Going for the hard sell

4th February 2000 at 00:00
Some museums are feeling the pinch now that Lottery money has opened up the market place. Elaine Williams wonders what the future may hold for a profusion of heritage sites all competing for visitors.

The new year has been a baptism of fire for the much-hyped Millennium Dome at Greenwich. Costing millions, it is now failing to attract anything like the number of punters it needs to break even. But it is not alone.

Last year several ambitious new projects were obliged to face the harsh economic reality of customer indifference. In spite of the wonders of modern technology, the crowds stayed away, which meant a cheerless new year for the Royal Armouries in Leeds (which has debts of pound;20 million) and for the Centre for Popular Music in Sheffield, which had to be bailed out of financial difficulties only months after it opened.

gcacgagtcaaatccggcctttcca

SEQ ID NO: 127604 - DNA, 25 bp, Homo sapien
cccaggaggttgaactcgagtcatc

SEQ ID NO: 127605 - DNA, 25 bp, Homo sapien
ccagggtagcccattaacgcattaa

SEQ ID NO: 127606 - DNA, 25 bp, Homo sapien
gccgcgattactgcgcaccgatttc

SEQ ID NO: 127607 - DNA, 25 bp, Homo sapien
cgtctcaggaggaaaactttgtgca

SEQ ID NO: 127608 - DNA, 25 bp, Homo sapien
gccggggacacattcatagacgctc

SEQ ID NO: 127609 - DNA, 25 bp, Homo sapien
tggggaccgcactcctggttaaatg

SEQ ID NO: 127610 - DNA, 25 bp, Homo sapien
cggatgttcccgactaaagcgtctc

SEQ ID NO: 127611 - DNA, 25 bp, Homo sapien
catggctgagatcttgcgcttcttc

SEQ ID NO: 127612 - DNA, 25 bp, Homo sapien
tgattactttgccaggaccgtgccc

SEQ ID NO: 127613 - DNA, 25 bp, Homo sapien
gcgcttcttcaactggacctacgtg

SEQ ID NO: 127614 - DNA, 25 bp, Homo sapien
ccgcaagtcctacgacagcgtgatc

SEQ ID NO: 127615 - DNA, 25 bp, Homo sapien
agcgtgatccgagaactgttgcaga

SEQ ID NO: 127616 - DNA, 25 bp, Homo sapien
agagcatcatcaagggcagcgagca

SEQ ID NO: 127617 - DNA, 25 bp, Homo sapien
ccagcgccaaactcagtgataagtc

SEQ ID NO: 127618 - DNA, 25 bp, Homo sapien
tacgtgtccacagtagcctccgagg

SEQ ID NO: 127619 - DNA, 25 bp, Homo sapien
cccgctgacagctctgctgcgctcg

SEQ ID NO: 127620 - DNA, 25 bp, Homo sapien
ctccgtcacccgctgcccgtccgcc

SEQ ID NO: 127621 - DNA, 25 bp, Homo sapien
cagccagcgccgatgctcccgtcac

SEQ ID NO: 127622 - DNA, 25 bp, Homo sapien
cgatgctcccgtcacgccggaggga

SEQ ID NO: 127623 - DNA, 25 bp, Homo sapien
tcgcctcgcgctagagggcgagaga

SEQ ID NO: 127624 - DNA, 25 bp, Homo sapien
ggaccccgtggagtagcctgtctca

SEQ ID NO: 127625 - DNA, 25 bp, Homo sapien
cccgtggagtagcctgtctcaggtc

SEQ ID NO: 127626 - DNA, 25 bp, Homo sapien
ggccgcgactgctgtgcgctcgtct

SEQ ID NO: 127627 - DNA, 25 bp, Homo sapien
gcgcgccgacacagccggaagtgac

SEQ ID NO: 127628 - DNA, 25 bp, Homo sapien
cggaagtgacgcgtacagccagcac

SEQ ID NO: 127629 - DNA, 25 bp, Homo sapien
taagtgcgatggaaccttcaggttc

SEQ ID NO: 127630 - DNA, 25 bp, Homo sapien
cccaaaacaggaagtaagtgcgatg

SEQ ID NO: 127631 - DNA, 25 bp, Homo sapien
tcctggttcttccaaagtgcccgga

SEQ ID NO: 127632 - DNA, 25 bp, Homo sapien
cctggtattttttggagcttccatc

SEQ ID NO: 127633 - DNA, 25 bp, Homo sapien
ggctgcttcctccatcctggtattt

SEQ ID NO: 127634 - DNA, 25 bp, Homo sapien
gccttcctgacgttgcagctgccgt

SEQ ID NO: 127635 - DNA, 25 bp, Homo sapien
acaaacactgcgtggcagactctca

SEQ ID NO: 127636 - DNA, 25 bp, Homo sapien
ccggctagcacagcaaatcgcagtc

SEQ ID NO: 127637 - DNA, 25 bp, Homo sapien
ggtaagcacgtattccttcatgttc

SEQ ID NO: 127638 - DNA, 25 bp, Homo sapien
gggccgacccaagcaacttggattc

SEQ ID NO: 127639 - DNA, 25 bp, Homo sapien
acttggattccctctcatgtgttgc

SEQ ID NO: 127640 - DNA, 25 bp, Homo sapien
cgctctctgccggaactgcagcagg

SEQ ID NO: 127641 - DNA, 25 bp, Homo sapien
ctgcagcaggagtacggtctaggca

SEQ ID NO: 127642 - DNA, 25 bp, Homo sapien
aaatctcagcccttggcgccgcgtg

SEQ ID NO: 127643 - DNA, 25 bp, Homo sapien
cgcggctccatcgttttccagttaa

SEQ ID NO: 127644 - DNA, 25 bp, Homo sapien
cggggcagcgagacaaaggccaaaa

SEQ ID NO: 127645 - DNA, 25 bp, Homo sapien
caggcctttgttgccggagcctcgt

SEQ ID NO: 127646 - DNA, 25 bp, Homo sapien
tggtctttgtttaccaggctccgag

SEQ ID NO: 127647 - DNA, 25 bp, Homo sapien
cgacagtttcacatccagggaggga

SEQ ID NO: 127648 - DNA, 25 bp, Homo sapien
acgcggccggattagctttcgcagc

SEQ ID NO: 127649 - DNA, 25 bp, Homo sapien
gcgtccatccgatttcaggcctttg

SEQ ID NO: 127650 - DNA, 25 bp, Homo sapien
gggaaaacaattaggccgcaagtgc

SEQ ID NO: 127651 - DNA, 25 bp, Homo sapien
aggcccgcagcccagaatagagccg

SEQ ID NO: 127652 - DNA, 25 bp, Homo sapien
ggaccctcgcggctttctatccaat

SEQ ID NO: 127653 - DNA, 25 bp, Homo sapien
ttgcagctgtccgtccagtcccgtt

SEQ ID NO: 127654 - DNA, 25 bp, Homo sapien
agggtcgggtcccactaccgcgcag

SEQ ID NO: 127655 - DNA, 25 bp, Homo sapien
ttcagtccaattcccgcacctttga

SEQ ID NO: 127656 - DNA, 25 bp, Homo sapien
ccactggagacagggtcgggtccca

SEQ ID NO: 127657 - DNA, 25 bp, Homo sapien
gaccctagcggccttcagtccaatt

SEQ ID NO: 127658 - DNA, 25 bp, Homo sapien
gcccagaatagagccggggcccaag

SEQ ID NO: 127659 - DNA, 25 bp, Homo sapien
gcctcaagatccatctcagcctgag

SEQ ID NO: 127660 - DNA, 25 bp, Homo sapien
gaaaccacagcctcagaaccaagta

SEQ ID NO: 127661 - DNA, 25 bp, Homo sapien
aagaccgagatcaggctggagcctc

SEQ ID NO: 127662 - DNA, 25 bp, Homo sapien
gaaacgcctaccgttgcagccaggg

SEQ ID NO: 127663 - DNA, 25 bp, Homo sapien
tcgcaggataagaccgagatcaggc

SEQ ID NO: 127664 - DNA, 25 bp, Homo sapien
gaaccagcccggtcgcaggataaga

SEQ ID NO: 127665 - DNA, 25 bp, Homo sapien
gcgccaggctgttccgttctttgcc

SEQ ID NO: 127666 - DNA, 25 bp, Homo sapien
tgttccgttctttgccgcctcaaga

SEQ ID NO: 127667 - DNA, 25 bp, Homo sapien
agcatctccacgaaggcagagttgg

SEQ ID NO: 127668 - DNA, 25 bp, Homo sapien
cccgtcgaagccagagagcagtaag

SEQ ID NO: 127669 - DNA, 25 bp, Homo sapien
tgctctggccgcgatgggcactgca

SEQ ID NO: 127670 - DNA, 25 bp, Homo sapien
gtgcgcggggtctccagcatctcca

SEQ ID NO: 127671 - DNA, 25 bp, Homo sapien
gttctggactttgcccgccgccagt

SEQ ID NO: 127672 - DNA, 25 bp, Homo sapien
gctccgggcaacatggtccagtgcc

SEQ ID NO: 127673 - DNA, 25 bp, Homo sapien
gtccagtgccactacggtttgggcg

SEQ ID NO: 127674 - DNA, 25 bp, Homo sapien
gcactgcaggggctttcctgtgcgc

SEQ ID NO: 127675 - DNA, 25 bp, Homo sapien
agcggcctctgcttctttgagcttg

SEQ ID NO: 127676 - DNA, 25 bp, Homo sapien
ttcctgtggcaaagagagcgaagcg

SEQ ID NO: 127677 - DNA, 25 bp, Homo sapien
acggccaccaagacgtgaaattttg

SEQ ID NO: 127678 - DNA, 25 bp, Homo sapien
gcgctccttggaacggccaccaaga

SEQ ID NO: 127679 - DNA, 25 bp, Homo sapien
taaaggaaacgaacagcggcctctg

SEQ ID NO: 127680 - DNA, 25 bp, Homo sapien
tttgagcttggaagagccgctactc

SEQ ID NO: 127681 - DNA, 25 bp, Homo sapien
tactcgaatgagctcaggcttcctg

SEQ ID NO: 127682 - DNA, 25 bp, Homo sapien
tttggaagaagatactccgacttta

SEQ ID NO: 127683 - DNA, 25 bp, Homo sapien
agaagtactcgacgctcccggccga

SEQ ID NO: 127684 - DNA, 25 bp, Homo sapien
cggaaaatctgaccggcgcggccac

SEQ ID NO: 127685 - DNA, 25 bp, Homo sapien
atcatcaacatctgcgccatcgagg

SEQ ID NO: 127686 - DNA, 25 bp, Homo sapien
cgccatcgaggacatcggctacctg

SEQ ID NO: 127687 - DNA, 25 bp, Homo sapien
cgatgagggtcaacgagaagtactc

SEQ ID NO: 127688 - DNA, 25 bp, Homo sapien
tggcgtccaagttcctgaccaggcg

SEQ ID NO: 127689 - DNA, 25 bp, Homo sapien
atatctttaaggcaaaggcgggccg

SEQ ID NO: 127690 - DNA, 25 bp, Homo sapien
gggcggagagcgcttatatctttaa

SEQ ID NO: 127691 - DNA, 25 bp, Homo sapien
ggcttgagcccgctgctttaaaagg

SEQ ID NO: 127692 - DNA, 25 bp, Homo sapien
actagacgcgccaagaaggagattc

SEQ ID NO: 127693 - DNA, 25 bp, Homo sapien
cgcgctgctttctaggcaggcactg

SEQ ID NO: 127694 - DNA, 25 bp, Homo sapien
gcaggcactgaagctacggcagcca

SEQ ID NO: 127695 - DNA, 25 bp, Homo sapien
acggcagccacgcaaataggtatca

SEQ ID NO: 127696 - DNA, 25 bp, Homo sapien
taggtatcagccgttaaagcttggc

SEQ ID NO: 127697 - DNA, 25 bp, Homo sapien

Sophie Sutherland, secretary to the National Museum Directors' Conference, admits there are real worries about what is going to happen over the next five years. "Millennium money has funded new institutions, some of which are going to get into trouble. There are too many competing visitor attractions."

The Government's U-turn on scrapping museum charges merely adds to the disquiet.

There are 2,500 museums and galleries in this country. Such has been the zeal to open new ones - one every two weeks since 1970 has been a popularly quoted statistic - that some have been bound to go to the wall. They are seen as powerful magnets to tourism, but motives for their establishment other than the cultural often prevail. It might be tourism, urban regeneration or job creation. Often it is a cocktail of all these. Clearly museums contribute to wider economic objectives, but they are not a magic formula in themselves.

According to Timothy Mason, director of the Museums and Galleries Commission, it is the quality of their collections that will secure the long-term future of these institutions.

He says: "There has been a lot of emphasis over the last five or 10 years on developing front-of-house visitor services and, yes, these are important. But in the last year or so we have also been reminding people that museums are about real objects that need to be cared for, well stored and well documented. If you don't get that core activity right then the front-of-house falls down.